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Americans celebrate the Fourth; presidential hopefuls campaign for 2012

Monday, July 4, 2011 | 8:45 p.m. CDT; updated 4:40 p.m. CDT, Tuesday, July 19, 2011
A family watches from the Jefferson Memorial as fireworks explode over Washington Monday, July 4, 2011, during the annual Fourth of July display.

NEW YORK — The U.S. marked the 235th anniversary of the signing of the Declaration of Independence with parades, fireworks and barbecues, as well as presidential campaigning, a White House birthday and competitive eating.

Thousands were showing up near the Washington Monument to eagerly await the annual fireworks show on the National Mall, while others were throwing on Hawaiian shirts and shorts to ski the still-snowy slopes at resorts from California to Colorado.

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In Boston, the annual Boston Pops concert was a must. In Akron, Ohio, the Rib, White & Blue food festival was enticing. And then there were Nevada's casinos, which promised a pyrotechnics extravaganza that could be a gambler's best bet.

On New York's Coney Island, the annual Nathan's Famous hot dog-eating contest brought out the biggest names in competitive eating for a clash that was short in timespan but high in calories.

Joey "Jaws" Chestnut, of San Jose, Calif., wolfed down 62 hot dogs and buns during the 10-minute contest, winning his fifth straight title. Sonya "The Black Widow" Thomas chowed her way to victory in the first-ever women-only contest, eating 40 hot dogs and buns, just one dog and bun shy of her 2009 total.

For 28-year-old New Yorker Matthew Penberg, the holiday is a day off from his job as a bus boy.

"I get to take a break and go to the beach," he said. "And today is the day people, Americans, demanded their rights. I don't think we're there yet. I think we should have a right to a job, but a lot of people have to look for it."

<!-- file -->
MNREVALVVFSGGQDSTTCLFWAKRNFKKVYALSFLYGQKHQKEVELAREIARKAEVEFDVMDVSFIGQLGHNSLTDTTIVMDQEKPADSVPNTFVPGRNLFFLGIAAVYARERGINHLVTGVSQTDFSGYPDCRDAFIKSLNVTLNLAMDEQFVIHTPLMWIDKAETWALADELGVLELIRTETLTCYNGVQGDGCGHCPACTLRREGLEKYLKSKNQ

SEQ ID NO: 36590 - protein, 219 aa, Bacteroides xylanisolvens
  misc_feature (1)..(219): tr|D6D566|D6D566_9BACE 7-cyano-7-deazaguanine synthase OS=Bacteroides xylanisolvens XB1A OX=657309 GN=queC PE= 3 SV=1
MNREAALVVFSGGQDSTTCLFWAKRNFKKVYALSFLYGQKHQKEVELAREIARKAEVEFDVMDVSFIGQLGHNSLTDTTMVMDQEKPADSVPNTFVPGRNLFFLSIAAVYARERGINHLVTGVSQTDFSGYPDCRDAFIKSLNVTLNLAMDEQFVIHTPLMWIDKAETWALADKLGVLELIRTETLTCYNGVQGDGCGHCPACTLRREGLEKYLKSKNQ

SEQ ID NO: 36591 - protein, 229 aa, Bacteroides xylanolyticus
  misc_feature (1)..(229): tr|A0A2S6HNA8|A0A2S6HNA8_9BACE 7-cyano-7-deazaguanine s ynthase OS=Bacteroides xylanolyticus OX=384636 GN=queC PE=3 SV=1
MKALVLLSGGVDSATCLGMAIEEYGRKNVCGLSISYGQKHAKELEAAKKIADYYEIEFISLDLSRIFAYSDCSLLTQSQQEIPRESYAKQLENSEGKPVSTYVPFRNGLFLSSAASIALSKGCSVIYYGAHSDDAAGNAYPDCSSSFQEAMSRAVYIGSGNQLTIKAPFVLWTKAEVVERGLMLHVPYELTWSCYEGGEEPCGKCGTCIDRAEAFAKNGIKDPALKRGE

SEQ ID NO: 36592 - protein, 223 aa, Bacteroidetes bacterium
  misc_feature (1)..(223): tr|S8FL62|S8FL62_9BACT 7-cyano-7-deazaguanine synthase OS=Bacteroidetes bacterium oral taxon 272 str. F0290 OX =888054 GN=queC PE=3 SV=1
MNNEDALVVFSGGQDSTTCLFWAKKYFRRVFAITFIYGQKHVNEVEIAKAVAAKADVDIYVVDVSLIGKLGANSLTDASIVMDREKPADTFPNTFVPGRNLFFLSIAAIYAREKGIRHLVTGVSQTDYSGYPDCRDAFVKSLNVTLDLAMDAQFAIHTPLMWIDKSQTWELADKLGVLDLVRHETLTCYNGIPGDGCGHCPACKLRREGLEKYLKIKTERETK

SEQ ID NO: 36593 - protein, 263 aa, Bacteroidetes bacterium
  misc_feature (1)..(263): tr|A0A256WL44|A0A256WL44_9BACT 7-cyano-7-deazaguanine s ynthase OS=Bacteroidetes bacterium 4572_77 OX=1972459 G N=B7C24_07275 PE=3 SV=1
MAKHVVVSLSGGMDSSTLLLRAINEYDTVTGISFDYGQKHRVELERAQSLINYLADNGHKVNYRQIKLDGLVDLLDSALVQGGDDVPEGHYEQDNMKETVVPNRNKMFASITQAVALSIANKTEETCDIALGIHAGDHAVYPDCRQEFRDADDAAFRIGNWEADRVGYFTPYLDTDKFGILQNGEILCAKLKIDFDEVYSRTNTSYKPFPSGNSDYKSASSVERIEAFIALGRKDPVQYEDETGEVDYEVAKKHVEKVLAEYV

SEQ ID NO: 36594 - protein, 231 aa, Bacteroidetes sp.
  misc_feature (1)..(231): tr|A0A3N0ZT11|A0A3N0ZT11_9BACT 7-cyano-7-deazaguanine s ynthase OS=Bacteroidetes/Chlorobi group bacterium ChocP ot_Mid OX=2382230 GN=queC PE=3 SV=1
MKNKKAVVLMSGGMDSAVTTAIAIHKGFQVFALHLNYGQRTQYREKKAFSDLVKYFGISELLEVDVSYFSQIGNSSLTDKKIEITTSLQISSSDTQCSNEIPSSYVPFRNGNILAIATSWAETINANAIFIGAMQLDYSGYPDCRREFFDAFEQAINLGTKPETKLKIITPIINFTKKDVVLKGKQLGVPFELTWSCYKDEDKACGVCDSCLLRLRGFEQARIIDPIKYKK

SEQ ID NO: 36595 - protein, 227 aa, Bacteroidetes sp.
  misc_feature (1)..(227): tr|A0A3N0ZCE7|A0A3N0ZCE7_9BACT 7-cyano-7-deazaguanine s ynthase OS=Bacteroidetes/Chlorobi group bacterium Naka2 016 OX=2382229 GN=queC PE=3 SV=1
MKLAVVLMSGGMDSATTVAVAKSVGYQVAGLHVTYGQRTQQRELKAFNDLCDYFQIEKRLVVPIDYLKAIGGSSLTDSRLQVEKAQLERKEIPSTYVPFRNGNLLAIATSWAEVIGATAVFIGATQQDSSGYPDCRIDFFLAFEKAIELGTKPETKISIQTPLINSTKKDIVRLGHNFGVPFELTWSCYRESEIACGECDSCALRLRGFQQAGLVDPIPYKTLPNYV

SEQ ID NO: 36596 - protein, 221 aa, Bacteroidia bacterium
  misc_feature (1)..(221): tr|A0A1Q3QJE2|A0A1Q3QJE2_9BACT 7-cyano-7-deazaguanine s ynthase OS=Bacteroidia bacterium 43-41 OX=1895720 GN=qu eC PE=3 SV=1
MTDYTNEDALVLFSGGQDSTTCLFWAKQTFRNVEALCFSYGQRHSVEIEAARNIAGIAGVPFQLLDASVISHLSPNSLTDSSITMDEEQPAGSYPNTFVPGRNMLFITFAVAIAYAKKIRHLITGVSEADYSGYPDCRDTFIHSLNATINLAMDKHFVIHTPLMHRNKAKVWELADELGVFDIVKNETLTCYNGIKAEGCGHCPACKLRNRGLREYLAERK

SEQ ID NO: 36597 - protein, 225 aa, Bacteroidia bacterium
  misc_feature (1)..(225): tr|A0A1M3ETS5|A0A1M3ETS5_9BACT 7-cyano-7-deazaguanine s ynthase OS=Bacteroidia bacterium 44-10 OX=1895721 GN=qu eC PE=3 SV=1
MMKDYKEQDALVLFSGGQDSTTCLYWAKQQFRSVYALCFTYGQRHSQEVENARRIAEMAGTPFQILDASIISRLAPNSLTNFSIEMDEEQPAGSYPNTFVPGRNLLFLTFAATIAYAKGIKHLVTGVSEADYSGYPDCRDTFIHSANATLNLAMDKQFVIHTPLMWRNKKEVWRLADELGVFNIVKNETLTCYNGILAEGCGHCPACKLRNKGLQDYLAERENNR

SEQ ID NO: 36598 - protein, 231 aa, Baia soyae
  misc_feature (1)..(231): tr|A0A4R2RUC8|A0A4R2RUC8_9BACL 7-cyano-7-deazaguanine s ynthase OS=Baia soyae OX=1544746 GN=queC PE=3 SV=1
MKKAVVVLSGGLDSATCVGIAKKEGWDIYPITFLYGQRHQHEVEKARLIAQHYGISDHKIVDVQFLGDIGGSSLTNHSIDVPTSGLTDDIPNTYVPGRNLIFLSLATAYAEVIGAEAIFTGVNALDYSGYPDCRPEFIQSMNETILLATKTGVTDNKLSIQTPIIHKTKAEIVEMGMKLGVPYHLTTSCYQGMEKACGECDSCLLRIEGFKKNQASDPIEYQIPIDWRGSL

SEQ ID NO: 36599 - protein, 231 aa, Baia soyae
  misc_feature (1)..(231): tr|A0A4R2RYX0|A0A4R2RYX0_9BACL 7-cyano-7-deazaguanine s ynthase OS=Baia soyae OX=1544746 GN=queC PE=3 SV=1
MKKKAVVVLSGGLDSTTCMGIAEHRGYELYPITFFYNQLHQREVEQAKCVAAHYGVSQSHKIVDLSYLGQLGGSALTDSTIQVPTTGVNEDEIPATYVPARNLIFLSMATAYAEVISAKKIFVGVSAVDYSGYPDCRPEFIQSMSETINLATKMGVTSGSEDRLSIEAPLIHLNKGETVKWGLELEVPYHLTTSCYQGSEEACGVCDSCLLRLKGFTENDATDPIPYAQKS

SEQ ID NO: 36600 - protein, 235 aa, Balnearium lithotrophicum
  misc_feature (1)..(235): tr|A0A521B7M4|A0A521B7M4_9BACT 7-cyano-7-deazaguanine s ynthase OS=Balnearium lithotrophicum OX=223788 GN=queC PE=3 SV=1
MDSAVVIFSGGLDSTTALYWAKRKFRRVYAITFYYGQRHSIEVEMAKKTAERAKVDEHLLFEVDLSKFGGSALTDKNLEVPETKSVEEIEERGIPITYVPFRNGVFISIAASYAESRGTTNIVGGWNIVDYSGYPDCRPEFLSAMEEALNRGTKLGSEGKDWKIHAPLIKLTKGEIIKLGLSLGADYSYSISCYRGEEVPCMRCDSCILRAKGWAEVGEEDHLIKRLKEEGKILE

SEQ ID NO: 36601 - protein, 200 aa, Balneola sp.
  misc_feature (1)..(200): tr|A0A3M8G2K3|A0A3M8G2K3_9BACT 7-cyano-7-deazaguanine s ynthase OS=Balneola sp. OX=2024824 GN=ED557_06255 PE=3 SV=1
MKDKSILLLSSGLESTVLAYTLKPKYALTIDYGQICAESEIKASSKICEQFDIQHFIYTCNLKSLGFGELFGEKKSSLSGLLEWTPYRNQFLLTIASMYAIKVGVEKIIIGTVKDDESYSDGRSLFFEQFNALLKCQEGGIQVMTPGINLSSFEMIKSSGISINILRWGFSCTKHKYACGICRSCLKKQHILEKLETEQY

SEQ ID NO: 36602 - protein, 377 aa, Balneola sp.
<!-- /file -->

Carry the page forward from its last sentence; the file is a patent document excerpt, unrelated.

At the mountaintop home to Thomas Jefferson in Charlottesville, Va., officials continued a nearly five-decade-old tradition of swearing in new U.S. citizens. Seventy-seven people took their oaths during a naturalization ceremony at Monticello.

The nation shares a birthday with Malia Obama, who turned 13 Monday. The president's eldest daughter had to share her parents with hundreds of others as Barack Obama and first lady Michelle Obama invited troops and their families to attend a special barbecue and USO concert on the South Lawn.

Some of the Republicans hoping to replace Obama in the White House spent part of the day campaigning in states where presidential politics are as much a part of the holiday as fireworks and barbecues.

U.S. Rep. Michelle Bachmann, of Minnesota, marched in a parade in Clear Lake, Iowa. In New Hampshire, former Massachusetts Gov. Mitt Romney and former Utah Gov. Jon Huntsman Jr. both marched in the Amherst parade. Businessman and GOP hopeful Herman Cain skipped the parades but threw out the first pitch at a minor league baseball game in Manchester, N.H.

"Aside from the politicking and the handshaking and the enthusiasm that our campaign is determined to generate in this state, we're going to reflect on what it means to be an American," Huntsman told reporters. "To share inalienable rights, to share our Constitutional privileges."

In New York, where fireworks are banned on city streets, residents were waiting for a massive display over the Hudson River set to music.

Resident Karina Suriano, 23, wore patriotic colors and bright red feather earrings as she sold beach supplies in Brooklyn. For her, the holiday is a cash cow.

"It means money to me," she said with a grin.

She sold a water gun to the mother of 8-year-old Dejairah Mooreland. What does the holiday signify to Dejairah?

"Indepencendy!" the little girl exclaimed, not quite getting the holiday's name right. "Freedom! America!"


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